9. As the shadows grew longer I began to feel drowsy. The soft air fanned me gently, and the lap of the water against the timbers of the raft was very soothing. Before I knew it I was fast asleep. When I woke I had, at first, no idea where I was. The moon was shining and the river looked as if it were miles wide. We were near the Illinois shore, in the quiet water under the bank, and across the gleaming sheet of silver I could see the high bluffs on the Missouri side.
10. I heard a sound of voices and saw that James was talking to a man in hunting costume, who had come aboard to share our supper and to tell us the news. The raft was made fast to a tow-head — a sand bar covered with cottonwood trees -and the stranger's skiff lay alongside. On the black hillsides behind us I could see a few gleaming lights, but there was stillness everywhere, except for an occasional “kerchug” from some wakeful bullfrog. We seemed to have the whole river to ourselves.
II. The hunter was telling stories of his life in the wilderness, then not very far away from us, and I listened with infinite wonder and delight. Occasionally we saw a steamboat going up or down the river. Now and then she would send up a shower of sparks, which rained down into the river again and made the moonlight look pale. Then a bend of the stream would shut out her lights, and after a long time her waves would reach us, rocking the raft up and down in the most delightful fashion.
12. I was no longer sleepy, and the charm of a new experience kept me awake for the greater part of the night. The people on shore went to bed, the lights winked out, our new friend and James were presently sound asleep; but I lay and watched for the coming of the early dawn.
13. First, looking away over the water, I could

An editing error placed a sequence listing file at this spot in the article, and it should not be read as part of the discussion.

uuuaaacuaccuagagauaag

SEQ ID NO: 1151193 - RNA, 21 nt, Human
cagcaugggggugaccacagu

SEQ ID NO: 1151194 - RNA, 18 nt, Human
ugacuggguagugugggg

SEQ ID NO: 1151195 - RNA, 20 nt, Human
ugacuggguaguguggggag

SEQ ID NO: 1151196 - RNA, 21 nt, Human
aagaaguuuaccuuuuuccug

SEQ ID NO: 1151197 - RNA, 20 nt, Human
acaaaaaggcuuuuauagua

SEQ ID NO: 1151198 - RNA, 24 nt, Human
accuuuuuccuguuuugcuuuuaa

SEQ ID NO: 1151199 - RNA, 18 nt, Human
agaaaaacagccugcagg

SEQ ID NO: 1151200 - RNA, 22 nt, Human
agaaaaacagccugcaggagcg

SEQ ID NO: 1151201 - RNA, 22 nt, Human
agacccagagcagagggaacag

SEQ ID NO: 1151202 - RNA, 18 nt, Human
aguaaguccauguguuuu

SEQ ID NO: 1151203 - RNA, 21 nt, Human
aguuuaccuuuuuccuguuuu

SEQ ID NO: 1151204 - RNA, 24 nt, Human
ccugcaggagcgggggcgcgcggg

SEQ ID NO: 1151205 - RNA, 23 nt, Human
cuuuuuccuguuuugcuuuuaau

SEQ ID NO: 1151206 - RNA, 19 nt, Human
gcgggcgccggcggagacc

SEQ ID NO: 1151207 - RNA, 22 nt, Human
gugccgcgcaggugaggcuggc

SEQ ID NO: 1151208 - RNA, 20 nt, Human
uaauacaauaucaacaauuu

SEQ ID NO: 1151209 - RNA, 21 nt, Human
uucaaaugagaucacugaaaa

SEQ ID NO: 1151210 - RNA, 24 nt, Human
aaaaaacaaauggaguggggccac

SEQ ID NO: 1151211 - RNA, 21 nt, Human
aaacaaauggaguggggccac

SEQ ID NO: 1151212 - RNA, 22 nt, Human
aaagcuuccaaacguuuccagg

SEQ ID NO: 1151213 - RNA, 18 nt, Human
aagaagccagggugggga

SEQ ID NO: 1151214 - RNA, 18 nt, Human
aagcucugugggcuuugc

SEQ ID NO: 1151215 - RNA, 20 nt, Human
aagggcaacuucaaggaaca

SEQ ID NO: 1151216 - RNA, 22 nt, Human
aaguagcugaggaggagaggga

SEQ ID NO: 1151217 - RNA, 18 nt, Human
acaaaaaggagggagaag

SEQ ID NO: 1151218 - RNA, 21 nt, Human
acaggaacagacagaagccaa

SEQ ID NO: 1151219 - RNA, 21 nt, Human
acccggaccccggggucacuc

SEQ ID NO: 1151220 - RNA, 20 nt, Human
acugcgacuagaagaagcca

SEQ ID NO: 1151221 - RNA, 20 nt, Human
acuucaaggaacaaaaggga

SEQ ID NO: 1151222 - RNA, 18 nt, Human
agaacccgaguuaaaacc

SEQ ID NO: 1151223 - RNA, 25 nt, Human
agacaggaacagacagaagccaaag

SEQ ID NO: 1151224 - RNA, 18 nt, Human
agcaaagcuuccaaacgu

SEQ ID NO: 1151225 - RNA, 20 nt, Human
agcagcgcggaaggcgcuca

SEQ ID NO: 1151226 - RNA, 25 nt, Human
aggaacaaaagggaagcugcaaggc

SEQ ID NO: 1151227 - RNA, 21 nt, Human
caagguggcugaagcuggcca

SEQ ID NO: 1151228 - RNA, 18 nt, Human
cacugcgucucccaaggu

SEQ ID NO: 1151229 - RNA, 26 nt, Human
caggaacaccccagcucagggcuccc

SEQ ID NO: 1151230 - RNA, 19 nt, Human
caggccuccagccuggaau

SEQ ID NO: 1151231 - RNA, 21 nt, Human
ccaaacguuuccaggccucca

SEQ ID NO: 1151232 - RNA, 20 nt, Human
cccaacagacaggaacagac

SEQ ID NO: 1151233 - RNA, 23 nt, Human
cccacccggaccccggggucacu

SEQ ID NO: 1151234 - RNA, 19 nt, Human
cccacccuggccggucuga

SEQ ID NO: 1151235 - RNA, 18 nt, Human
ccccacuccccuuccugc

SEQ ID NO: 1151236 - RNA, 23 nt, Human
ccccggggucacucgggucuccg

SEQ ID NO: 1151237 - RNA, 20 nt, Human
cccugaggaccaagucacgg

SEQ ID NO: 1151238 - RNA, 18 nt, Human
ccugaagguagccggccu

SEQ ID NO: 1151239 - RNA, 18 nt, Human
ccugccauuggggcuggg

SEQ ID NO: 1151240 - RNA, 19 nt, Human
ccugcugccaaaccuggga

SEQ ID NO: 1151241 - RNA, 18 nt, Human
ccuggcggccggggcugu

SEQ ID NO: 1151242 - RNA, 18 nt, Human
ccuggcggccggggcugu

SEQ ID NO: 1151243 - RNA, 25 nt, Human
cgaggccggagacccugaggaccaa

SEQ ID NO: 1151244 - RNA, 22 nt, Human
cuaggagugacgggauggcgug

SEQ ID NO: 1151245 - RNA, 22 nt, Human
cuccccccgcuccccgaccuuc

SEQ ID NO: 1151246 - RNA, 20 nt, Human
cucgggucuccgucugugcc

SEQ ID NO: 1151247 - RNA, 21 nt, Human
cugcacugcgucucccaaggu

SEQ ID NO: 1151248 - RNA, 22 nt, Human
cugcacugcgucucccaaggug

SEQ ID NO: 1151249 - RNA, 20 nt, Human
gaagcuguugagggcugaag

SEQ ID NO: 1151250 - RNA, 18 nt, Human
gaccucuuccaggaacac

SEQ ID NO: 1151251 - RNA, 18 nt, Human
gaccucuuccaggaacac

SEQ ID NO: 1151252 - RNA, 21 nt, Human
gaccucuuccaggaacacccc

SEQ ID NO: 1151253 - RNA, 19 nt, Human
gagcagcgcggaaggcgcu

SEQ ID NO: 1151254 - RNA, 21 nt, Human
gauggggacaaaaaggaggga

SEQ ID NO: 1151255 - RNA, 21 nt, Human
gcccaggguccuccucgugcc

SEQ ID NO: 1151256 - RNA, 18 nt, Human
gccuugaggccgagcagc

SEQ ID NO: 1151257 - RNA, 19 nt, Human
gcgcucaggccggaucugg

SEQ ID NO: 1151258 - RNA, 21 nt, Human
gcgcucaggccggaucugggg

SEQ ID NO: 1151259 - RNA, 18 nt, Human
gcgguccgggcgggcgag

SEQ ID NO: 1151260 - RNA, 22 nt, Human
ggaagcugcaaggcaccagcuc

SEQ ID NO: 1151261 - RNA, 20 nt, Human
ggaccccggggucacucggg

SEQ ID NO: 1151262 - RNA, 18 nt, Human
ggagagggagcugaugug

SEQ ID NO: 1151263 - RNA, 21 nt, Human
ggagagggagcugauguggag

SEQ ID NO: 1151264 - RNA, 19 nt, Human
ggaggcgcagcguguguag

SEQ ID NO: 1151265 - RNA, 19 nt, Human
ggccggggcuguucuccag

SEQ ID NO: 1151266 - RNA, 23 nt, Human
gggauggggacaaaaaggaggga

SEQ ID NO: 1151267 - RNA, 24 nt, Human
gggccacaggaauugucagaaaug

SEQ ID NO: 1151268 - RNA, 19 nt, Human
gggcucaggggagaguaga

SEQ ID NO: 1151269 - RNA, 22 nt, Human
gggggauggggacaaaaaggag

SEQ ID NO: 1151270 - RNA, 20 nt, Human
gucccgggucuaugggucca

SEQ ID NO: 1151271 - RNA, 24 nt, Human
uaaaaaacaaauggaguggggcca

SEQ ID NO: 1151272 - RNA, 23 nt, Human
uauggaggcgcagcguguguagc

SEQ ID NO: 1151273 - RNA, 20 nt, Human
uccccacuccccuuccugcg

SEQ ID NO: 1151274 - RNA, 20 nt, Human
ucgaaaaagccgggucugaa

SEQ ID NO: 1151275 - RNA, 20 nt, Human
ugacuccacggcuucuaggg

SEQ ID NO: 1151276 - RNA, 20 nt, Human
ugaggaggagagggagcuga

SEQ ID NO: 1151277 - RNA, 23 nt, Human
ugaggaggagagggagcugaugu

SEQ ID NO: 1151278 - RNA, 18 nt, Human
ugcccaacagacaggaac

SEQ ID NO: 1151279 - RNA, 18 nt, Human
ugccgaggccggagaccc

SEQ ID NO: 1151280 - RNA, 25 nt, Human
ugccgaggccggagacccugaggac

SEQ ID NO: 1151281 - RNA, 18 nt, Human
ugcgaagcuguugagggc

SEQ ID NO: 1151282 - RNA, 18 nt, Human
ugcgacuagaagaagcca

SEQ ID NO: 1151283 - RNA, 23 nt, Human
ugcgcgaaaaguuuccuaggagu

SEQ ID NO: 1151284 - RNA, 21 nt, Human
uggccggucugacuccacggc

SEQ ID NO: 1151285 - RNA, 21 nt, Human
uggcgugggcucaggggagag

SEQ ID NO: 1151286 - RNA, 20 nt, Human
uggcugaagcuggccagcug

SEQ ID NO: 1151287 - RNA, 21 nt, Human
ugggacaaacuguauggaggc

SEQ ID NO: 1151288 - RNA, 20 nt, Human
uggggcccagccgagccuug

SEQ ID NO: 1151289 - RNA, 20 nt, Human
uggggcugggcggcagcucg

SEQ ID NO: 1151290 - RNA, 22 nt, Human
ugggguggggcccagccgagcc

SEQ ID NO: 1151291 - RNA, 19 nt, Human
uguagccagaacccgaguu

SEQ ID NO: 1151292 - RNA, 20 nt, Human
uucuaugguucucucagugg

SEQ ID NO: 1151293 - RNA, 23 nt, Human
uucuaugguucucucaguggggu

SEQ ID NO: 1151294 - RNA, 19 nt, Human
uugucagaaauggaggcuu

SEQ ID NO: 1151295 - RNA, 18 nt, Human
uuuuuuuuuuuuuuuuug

see a dull, dark line : that was the wooded shore of the other side. The birds twittered softly in the trees close at hand. Then there came a faint, pale light in the sky; then the river softened from black to gray, and far out I could see small, dusky spots drifting along
14. Sometimes there was a long, black line, and I knew it to be a raft like ours, only much larger and heavier. Once and again I heard voices and a sweep creaking. Then a streak on the water showed where a snag lay hidden beneath, ready to catch and snap some luckless oar. By and by the mist drew itself up from the river in fleecy twists and swirls, the east began to redden, a breeze sprang up, and lines of smoke rose from the hillside behind us. At last the full day broke, and everything smiled in the sunshine.
15. Far off a raft glided by. A man on it was chopping wood. I lay on a pile of blankets, my head pillowed on my arm, watching the ax flash and come down. An instant later it would be lifted for another stroke — still no sound — and then, as the ax was poised above the man's head, the ring of the first stroke would reach my listening ears. As I watched, my eyelids grew heavier and heavier.
16. “Come, come, lad!” said James, shaking me good-humoredly. “ The bacon is ready to eat, and